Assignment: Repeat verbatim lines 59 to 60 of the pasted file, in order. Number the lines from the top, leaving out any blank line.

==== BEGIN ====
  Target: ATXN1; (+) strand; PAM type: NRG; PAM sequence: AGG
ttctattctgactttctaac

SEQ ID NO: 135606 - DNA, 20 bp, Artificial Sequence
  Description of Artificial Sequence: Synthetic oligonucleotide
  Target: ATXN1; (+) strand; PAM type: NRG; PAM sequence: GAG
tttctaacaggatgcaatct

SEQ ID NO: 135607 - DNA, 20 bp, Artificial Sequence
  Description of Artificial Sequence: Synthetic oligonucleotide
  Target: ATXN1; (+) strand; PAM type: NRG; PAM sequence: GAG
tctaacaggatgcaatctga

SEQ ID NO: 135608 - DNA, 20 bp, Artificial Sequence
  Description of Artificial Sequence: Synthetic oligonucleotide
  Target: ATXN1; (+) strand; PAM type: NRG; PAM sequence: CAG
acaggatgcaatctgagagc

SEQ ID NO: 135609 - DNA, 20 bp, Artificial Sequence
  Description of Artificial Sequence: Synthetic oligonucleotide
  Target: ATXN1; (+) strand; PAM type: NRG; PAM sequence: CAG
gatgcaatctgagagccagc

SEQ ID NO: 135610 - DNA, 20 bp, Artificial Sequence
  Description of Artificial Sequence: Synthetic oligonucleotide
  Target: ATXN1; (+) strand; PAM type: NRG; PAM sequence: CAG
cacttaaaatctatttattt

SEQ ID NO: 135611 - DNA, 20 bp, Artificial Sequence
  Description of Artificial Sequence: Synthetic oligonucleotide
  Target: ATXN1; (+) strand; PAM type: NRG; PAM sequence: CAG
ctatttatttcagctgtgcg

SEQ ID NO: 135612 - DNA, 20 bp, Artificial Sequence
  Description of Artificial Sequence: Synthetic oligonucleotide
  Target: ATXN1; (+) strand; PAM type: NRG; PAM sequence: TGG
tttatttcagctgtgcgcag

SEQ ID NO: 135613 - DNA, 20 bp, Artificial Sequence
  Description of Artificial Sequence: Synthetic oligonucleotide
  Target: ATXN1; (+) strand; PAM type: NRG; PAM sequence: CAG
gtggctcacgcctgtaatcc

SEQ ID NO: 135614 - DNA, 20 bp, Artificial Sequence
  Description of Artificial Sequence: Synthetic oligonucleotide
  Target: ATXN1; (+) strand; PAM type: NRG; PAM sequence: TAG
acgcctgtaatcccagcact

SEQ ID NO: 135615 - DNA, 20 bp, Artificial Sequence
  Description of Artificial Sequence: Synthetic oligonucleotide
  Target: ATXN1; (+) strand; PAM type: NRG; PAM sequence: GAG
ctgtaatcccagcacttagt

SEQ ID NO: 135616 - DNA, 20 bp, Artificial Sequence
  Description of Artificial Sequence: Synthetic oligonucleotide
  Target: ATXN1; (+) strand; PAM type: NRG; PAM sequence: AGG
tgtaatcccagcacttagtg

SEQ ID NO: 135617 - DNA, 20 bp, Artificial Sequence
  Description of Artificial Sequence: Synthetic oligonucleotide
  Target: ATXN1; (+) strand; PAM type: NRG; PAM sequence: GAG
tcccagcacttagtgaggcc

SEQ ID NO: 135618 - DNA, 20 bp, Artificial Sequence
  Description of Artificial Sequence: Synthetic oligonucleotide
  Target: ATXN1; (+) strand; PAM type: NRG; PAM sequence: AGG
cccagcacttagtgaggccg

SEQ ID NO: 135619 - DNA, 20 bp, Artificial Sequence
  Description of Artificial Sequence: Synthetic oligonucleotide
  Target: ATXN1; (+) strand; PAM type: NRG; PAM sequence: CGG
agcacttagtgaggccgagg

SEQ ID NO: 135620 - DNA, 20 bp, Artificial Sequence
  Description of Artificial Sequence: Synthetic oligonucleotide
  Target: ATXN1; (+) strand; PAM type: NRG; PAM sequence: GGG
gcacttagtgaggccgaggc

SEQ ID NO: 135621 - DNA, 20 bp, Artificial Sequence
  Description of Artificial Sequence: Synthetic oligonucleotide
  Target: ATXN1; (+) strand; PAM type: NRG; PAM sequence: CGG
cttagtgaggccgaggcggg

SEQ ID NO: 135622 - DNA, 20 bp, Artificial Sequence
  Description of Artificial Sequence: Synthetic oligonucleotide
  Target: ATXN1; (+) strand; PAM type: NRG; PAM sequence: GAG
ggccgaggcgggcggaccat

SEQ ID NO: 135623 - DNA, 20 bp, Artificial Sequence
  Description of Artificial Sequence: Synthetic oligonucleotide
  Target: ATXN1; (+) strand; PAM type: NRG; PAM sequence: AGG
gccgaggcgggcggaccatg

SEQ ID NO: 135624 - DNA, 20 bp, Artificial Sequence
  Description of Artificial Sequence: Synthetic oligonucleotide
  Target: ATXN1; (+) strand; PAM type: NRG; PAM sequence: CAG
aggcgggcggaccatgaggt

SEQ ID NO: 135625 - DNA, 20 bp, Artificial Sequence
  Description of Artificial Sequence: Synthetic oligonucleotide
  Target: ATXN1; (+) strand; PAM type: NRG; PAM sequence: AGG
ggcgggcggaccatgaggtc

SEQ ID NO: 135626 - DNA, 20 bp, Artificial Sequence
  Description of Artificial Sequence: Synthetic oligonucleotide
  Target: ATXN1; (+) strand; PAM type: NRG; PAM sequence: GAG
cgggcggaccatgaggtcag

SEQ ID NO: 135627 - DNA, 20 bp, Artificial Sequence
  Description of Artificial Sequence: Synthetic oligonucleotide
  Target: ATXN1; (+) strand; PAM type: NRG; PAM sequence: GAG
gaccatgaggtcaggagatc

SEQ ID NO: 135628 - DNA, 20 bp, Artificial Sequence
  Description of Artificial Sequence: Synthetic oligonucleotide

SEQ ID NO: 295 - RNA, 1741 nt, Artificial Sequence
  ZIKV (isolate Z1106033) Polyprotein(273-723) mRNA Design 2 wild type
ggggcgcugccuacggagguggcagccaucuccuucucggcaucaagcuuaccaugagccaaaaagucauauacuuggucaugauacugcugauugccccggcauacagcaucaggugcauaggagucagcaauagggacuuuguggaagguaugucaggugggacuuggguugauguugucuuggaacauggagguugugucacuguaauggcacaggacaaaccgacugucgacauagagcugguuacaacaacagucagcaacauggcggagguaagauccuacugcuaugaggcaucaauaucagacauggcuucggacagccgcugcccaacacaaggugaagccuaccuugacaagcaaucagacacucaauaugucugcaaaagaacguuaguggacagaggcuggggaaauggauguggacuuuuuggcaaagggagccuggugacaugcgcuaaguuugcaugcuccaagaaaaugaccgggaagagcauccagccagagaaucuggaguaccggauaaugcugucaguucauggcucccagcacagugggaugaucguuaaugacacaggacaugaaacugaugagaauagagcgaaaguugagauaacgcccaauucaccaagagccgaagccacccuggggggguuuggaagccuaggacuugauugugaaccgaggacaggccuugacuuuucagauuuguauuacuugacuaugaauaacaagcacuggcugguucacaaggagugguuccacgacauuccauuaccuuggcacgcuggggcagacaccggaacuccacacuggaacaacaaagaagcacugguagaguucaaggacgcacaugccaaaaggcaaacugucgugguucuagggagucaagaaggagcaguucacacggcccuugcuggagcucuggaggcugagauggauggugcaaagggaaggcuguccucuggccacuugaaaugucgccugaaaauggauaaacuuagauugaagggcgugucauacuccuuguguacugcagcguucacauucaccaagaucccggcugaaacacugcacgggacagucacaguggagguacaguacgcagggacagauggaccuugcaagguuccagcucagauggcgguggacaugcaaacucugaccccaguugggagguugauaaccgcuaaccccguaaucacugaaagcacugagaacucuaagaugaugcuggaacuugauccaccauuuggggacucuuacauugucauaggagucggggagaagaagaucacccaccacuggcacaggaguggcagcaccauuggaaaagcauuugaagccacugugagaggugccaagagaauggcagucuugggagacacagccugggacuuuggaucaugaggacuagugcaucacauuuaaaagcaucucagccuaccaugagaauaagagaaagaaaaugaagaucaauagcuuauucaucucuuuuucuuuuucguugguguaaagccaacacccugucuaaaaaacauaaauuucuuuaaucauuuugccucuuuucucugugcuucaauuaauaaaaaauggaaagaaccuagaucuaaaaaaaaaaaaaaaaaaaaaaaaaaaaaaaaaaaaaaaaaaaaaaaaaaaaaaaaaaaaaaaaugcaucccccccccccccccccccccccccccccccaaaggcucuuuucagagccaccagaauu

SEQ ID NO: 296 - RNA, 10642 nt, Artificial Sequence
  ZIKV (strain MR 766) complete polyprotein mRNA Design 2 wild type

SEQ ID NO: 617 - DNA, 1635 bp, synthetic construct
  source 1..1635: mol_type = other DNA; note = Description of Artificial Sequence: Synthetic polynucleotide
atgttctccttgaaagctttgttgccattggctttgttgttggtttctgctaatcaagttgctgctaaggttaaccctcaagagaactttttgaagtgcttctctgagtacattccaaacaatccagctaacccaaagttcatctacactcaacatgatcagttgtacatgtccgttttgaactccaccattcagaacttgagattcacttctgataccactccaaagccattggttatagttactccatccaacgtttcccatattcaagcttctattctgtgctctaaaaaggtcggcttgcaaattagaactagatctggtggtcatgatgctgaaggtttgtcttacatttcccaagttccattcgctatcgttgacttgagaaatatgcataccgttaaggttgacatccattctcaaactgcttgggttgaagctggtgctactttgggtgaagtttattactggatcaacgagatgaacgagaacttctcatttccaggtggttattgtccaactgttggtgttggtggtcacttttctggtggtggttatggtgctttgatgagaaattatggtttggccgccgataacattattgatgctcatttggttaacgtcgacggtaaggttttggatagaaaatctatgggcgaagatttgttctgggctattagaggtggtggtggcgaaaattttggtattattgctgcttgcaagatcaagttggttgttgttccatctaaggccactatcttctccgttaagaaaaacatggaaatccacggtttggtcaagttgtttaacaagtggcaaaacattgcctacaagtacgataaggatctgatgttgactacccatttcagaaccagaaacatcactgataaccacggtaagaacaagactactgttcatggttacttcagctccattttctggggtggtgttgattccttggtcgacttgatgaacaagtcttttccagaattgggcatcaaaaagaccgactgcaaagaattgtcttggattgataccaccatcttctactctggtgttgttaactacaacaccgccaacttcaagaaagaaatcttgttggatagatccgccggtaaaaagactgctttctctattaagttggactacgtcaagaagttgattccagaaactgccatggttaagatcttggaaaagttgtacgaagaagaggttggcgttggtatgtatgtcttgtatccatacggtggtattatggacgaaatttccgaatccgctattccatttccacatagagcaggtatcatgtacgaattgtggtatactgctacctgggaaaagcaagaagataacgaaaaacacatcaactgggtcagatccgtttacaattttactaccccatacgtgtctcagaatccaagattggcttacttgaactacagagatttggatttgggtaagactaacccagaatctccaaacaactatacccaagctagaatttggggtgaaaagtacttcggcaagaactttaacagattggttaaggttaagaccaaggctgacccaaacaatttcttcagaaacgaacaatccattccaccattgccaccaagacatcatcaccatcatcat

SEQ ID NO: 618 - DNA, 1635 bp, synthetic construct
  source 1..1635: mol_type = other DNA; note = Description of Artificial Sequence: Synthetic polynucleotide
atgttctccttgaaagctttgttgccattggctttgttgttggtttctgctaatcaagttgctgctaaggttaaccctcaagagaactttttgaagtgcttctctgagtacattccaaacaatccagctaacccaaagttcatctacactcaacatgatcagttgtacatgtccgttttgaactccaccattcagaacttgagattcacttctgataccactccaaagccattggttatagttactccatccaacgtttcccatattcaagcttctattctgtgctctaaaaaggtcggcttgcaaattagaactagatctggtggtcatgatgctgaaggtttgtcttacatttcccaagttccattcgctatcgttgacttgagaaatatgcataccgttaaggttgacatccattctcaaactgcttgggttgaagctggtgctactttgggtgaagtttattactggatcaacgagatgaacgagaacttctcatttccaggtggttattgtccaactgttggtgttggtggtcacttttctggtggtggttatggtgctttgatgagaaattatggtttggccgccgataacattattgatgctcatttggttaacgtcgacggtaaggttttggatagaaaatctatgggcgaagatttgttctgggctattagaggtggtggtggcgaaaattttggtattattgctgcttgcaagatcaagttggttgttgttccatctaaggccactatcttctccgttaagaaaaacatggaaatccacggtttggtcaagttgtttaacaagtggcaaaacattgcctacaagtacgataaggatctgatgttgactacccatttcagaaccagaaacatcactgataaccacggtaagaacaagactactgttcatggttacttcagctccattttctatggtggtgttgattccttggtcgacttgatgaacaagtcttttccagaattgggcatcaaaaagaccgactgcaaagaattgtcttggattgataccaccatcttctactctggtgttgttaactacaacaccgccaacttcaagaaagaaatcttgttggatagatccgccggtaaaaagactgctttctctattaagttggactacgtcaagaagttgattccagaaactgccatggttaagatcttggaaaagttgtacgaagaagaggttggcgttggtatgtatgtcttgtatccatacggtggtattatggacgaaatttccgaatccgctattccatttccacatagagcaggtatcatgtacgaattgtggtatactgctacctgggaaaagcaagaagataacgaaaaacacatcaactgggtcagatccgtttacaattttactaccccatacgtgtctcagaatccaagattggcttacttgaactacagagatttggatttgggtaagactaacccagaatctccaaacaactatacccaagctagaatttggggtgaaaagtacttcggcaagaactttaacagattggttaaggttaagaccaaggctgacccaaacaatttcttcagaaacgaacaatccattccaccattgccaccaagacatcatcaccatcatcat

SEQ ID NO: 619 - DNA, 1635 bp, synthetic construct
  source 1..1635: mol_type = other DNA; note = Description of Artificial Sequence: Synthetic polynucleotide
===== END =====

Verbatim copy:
SEQ ID NO: 135620 - DNA, 20 bp, Artificial Sequence
  Description of Artificial Sequence: Synthetic oligonucleotide